Orecchiette, made-to-order like all the pastas here, wasn’t bad – firm noodles, fennel infused sausage, pecorino with a bit of a bite. But man, a high school cafeteria would serve a better version of amatriciana than the one I sampled at Barilla. Ideally, amatriciana is a brilliant study in how bright tomato sauce, gentle chile flakes, and sweet onion can work together to tame the meaty funk of guanciale. Here, Barilla served me what tasted like liquid smoked-seasoned bacon with a one note tomato pulp. It wasn't so much a composed pasta dish as a bunch of ingredients dumped into a container a la minute -- very Chipotle. It all had about as much seasoning as a matzo cracker. I’m tempted to say it’s the type of dish that would turn a tourist off to amatriciana forever, but most folks are smart enough to assume they can do better in the Big Apple. It's rather the type of dish that would turn folks off to Barilla. — Ryan Sutton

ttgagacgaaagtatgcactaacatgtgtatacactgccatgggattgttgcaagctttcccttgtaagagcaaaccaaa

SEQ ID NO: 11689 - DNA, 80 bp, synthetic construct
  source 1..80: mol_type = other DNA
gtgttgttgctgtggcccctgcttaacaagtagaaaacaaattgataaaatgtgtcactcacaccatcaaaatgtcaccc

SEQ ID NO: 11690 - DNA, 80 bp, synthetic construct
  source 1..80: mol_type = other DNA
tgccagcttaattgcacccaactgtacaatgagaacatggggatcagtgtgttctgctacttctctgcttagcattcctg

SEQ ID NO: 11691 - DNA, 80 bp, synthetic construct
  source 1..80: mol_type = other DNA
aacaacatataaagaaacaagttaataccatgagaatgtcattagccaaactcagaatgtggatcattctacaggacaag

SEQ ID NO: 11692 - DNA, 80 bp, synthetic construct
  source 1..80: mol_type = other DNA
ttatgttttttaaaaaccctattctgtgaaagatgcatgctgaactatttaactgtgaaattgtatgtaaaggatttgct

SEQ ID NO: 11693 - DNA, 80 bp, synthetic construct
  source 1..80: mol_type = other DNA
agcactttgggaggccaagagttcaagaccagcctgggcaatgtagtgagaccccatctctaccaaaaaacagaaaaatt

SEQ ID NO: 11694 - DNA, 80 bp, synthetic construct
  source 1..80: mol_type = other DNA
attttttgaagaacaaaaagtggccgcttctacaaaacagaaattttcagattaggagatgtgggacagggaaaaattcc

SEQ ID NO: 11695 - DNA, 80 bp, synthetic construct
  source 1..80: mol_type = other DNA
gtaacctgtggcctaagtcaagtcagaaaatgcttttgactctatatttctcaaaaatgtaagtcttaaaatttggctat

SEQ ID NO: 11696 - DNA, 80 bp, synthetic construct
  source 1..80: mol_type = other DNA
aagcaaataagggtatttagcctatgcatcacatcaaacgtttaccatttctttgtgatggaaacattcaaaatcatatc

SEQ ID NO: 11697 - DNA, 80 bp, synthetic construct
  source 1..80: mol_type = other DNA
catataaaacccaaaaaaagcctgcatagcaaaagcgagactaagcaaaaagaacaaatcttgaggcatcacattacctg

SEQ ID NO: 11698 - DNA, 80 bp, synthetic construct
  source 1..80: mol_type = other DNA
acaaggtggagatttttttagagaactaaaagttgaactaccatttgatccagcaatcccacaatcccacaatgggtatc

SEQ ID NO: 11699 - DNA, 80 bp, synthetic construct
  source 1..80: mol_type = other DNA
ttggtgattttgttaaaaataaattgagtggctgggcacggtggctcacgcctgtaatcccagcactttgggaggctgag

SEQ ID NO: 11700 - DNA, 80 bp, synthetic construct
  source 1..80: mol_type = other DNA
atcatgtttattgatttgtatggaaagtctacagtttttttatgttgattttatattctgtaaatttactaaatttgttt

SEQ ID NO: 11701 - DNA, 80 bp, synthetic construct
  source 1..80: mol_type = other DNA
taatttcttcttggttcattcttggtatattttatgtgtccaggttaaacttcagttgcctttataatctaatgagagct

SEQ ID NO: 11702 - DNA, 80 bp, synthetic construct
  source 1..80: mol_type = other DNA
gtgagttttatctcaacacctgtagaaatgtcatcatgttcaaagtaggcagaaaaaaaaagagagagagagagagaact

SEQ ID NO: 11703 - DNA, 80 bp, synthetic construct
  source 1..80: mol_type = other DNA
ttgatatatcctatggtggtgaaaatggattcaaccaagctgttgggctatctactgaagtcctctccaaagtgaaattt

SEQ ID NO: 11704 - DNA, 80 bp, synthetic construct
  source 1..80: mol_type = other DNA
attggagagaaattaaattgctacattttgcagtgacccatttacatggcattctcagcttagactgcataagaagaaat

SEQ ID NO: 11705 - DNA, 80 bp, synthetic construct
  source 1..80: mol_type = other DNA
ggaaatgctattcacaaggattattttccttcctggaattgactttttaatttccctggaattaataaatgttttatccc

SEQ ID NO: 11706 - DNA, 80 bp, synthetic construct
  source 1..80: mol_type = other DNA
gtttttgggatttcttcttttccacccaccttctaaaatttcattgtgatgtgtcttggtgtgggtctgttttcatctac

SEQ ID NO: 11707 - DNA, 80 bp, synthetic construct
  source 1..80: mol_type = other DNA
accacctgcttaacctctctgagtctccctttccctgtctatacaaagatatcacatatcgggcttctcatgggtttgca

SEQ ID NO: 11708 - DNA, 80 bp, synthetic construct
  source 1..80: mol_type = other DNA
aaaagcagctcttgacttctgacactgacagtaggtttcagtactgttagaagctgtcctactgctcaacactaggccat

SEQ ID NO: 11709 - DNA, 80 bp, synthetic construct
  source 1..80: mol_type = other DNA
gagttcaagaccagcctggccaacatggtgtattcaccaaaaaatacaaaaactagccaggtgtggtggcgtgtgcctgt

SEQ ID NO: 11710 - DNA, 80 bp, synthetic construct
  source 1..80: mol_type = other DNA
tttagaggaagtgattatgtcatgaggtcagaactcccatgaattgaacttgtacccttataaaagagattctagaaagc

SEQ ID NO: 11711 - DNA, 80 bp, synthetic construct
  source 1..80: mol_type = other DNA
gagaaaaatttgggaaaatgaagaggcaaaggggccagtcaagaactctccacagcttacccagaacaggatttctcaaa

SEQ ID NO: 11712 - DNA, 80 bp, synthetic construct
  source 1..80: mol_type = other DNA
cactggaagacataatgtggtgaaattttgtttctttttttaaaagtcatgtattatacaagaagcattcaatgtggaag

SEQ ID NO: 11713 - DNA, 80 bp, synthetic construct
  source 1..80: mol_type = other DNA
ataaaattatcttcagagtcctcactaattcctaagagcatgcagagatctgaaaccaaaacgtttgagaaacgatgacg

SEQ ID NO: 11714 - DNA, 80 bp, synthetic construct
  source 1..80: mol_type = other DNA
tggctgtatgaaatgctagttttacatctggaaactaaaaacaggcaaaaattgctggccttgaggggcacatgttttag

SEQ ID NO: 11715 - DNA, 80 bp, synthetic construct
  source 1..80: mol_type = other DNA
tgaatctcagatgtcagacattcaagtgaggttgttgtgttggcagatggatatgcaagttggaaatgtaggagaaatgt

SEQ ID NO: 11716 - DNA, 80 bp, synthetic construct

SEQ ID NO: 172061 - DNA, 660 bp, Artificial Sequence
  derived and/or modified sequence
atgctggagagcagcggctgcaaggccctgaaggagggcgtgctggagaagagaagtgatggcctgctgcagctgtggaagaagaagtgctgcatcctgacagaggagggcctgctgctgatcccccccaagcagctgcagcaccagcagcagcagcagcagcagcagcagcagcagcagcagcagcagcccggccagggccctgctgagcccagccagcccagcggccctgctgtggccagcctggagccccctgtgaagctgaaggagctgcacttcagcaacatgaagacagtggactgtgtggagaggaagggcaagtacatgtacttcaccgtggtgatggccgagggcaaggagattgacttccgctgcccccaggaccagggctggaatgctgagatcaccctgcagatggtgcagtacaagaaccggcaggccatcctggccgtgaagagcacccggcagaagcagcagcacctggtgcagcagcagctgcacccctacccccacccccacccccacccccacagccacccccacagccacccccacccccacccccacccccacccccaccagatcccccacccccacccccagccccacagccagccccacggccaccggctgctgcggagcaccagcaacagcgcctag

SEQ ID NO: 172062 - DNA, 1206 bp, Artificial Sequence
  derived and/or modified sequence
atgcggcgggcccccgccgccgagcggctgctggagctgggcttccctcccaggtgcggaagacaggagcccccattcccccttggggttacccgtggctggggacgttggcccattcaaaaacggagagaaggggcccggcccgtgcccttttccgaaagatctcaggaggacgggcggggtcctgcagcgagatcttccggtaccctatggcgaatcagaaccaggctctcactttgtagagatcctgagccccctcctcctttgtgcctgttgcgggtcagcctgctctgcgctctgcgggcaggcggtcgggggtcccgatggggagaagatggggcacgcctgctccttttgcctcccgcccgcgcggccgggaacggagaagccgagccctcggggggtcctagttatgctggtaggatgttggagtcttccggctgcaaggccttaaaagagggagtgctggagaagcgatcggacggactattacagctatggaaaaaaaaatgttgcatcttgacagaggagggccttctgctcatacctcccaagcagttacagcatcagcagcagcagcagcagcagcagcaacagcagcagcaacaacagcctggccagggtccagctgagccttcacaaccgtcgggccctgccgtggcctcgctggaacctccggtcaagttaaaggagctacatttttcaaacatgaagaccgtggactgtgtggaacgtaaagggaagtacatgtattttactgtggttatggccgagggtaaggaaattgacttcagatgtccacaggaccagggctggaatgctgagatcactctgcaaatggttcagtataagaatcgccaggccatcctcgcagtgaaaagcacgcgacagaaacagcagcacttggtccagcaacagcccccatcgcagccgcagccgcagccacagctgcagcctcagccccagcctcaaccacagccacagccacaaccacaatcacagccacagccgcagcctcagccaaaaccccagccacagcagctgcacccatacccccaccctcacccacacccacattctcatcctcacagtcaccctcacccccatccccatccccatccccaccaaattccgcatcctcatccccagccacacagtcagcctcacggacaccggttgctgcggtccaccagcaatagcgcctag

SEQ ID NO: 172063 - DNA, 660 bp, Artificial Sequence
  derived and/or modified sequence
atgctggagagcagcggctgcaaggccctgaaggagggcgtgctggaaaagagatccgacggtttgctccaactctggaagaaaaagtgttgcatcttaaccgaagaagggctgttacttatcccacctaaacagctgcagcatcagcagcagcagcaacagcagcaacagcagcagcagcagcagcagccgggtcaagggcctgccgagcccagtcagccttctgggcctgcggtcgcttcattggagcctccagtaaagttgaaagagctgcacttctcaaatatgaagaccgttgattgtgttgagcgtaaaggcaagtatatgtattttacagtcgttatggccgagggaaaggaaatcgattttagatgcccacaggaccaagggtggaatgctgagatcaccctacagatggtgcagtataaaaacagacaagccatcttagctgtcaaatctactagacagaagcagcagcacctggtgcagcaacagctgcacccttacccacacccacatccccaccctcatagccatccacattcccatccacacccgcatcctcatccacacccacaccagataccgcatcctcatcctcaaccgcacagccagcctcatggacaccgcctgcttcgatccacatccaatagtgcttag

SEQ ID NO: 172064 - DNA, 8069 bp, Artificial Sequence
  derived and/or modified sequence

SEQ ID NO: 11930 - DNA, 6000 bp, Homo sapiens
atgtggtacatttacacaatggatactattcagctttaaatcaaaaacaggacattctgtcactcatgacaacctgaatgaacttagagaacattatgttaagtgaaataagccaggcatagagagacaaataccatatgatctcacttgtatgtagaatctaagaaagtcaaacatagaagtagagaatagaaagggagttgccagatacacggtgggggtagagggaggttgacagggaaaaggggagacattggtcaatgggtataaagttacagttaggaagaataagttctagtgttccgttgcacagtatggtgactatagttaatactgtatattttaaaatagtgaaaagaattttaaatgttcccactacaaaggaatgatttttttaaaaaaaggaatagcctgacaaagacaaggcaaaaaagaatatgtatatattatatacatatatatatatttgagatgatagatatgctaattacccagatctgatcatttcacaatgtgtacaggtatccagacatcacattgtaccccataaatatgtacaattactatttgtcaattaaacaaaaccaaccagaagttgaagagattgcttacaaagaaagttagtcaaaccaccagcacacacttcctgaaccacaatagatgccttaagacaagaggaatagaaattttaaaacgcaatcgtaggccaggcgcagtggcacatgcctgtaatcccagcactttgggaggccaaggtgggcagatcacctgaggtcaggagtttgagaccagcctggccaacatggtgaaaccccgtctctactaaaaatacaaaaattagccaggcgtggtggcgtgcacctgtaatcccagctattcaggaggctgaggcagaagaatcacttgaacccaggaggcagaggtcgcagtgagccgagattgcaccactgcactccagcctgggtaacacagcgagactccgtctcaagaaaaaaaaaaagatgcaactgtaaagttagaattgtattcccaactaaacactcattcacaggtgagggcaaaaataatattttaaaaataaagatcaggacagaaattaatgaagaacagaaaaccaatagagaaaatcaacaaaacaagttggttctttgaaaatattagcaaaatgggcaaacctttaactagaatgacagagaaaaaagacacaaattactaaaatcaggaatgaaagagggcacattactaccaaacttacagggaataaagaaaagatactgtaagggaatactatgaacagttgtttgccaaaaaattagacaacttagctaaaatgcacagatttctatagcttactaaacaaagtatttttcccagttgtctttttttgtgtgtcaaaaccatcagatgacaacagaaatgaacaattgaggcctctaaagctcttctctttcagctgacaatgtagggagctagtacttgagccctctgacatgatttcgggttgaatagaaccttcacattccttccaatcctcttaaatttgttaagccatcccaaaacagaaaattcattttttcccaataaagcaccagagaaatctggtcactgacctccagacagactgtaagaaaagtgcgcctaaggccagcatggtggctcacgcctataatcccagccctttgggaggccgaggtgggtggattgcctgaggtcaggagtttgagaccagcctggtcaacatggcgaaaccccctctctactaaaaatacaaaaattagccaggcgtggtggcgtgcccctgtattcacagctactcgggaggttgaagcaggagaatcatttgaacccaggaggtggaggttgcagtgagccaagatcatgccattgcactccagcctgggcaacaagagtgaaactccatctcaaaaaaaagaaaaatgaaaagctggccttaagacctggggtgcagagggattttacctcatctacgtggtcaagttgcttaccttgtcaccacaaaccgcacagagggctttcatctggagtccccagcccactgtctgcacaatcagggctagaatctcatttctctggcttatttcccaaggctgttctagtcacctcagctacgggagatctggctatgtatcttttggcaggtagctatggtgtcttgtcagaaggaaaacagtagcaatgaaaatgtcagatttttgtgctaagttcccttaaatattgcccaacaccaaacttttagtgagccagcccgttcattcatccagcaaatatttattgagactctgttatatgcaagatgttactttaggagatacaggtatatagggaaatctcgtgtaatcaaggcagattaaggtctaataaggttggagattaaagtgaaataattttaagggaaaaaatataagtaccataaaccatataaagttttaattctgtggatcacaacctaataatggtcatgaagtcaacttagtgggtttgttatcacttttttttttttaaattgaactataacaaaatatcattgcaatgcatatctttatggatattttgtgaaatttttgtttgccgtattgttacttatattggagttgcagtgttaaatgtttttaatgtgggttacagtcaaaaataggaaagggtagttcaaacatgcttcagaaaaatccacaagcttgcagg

Eataly: My air conditioner broke in the middle of the night Sunday. Since it was about 120 degrees earlier this week and since my husband and I are babies (and also have a new baby) we moved into a friend's vacant apartment in Chelsea for the three days it took to get the thing fixed. It just so happens my mother in law is in town, staying in the Flatiron, and loves to live above her means. So every day after work those three nights, she came over to the borrowed apartment bearing bags full of take-out from Eataly. I can't remember ever eating so luxuriously. Just boxes upon boxes of burrata with peaches, of freshly made gnocchi, roast chicken, endive salad, crostini with ricotta and fiddleheads (somehow still in season?), eggplant parmesean, polenta, pea soup. There was not one miss in the bunch. I have no desire to go eat in an Eataly restaurant, but if I could build an alternate reality for myself where I'm an incredibly wealthy Manhattanite, I would eat like this every night. — Amanda Kludt